Facebook has been accused of ignoring fake accounts undermining political affairs around the world, according to a memo by a former employee of the social networking giant shared with BuzzFeed News.
In the 6,600-word memo, former Facebook data scientist Sophie Zhang wrote that she found evidence of coordinated campaigns to boost or hinder political candidates or outcomes in India and other countries like Ukraine, Spain, Brazil, Bolivia, and Ecuador.
"I've found multiple blatant attempts by foreign national governments to abuse our platform on vast scales to mislead their own citizenry, and caused international news on multiple occasions," she wrote in the memo, as reported by BuzzFeed News on Monday.
"I have personally made decisions that affected national presidents without oversight, and taken action to enforce against so many prominent politicians globally that I've lost count," according to the memo that details her her experiences of working with the social networking giant over the past two-and-a-half years.
Zhang said in the memo that in countries like Azerbaijan and Honduras, heads of government and political parties made use of fake accounts or misrepresented themselves to sway public opinion.
Giving an example of how slow Facebook was in acting against global political manipulation, she said that it took Facebook's leaders nine months to act on a coordinated campaign "that used thousands of inauthentic assets to boost President Juan Orlando Hernandez of Honduras on a massive scale to mislead the Honduran people."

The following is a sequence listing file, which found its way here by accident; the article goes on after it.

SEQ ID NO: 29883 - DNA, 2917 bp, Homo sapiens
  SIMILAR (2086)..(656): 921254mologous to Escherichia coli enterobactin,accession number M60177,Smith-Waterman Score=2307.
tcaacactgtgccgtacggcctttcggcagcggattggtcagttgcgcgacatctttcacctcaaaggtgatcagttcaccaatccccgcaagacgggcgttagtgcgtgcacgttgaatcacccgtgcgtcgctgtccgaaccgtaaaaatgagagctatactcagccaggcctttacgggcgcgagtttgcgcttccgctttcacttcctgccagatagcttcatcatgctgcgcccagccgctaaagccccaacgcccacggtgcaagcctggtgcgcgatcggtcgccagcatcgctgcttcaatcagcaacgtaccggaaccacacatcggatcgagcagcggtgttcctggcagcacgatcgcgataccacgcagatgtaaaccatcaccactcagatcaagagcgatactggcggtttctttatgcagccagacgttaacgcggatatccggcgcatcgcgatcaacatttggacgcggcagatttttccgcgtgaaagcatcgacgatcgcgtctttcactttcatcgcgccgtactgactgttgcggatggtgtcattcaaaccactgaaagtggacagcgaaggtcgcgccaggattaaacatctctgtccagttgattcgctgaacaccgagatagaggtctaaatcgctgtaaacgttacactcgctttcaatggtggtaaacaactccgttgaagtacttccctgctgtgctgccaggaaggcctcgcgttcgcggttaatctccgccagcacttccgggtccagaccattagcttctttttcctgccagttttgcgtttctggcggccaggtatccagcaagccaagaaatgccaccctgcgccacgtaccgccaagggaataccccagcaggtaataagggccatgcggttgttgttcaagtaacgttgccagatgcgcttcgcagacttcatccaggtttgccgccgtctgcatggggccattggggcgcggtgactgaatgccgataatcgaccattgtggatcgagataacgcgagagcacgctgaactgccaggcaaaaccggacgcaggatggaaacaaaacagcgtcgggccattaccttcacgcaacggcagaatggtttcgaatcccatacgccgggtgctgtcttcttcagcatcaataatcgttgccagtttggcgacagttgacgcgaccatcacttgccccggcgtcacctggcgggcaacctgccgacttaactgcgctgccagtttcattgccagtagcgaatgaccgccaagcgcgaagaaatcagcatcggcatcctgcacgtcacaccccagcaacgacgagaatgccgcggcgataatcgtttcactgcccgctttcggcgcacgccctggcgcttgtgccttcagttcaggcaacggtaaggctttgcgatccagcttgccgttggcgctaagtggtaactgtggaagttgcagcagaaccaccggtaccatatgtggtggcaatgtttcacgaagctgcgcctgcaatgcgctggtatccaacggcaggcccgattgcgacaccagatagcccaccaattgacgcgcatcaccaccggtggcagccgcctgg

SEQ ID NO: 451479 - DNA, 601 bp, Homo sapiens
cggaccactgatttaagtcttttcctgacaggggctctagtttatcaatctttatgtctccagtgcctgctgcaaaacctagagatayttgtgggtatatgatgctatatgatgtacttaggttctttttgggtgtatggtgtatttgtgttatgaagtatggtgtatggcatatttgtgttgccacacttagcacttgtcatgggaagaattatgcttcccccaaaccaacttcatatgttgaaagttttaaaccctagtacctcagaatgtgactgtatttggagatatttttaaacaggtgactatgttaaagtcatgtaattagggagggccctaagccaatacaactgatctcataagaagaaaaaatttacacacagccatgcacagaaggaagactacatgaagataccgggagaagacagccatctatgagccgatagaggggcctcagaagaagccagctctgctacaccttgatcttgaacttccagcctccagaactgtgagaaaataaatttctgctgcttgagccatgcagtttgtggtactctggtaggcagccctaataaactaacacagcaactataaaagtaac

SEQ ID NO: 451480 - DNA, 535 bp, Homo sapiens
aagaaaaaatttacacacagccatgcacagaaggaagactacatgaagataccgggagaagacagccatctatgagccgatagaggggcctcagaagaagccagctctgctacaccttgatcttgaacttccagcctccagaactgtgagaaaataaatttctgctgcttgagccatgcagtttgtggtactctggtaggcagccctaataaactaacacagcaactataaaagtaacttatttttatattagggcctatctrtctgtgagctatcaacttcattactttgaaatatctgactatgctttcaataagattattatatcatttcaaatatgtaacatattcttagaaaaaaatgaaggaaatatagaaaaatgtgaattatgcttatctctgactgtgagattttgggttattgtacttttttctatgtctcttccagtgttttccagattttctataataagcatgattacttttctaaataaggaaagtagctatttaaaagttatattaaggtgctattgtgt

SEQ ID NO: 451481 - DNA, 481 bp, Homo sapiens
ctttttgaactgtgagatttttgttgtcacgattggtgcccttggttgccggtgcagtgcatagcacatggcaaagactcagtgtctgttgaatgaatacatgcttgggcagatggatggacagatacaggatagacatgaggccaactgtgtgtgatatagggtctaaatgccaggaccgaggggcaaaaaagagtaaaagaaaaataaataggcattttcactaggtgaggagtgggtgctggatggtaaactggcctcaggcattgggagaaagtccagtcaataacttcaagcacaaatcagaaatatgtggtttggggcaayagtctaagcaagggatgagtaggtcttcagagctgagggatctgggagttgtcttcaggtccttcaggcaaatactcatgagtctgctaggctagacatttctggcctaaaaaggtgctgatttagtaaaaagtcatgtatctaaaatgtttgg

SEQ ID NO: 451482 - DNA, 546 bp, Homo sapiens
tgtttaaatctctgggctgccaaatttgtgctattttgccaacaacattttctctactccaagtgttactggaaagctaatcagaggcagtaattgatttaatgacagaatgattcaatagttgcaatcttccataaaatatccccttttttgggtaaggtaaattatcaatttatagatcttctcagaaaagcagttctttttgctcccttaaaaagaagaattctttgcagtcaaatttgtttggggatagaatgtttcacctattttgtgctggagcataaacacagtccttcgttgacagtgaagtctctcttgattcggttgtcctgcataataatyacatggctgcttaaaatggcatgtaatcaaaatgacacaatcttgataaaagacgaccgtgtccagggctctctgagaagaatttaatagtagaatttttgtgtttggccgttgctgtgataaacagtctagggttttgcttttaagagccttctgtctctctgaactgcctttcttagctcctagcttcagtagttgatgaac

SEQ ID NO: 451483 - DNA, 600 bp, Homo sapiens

Her LinkedIn profile said she "worked as the data scientist for the Facebook Site Integrity fake engagement team" and dealt with "bots influencing elections and the like".
"I know that I have blood on my hands by now," Zhang wrote.
However, giving a reference to her work related to India, the memo detailed that she worked to remove "a politically-sophisticated network of more than a thousand actors working to influence" the Delhi Assembly election that took place in February.
Facebook did not reveal the detection of such a a network or that it had taken it down, according to the report.
"We've built specialized teams, working with leading experts, to stop bad actors from abusing our systems, resulting in the removal of more than 100 networks for coordinated inauthentic behavior," Facebook spokesperson Liz Bourgeois was quoted as saying in a statement.
"It's highly involved work that these teams do as their full-time remit. Working against coordinated inauthentic behaviour is our priority, but we're also addressing the problems of spam and fake engagement. We investigate each issue carefully, including those that Ms. Zhang raises, before we take action or go out and make claims publicly as a company."
These revelations come barely a month after a Wall Street Journal report on August 14 said that the top leadership at Facebook's India office refused to apply the company's own rules to politicians from the ruling Bharatiya Janata Party (BJP), despite clear violations of Facebook's policies against incitement to violence, hate speech, and misinformation.
Facebook India's public policy head Ankhi Das reportedly "told staff members that punishing violations by politicians from Mr. Modi's party would damage the company's business prospects in the country."
Following the report, the opposition Congress Party raised the issue of what it calls "unholy nexus" of the ruling BJP with Facebook and WhatsApp.
On August 18, the Congress Party wrote a letter to Facebook Inc expressing concern and asking them to acknowledge the issue and take corrective action. Congress had raised alarm over "interference in India's internal affairs by a foreign company".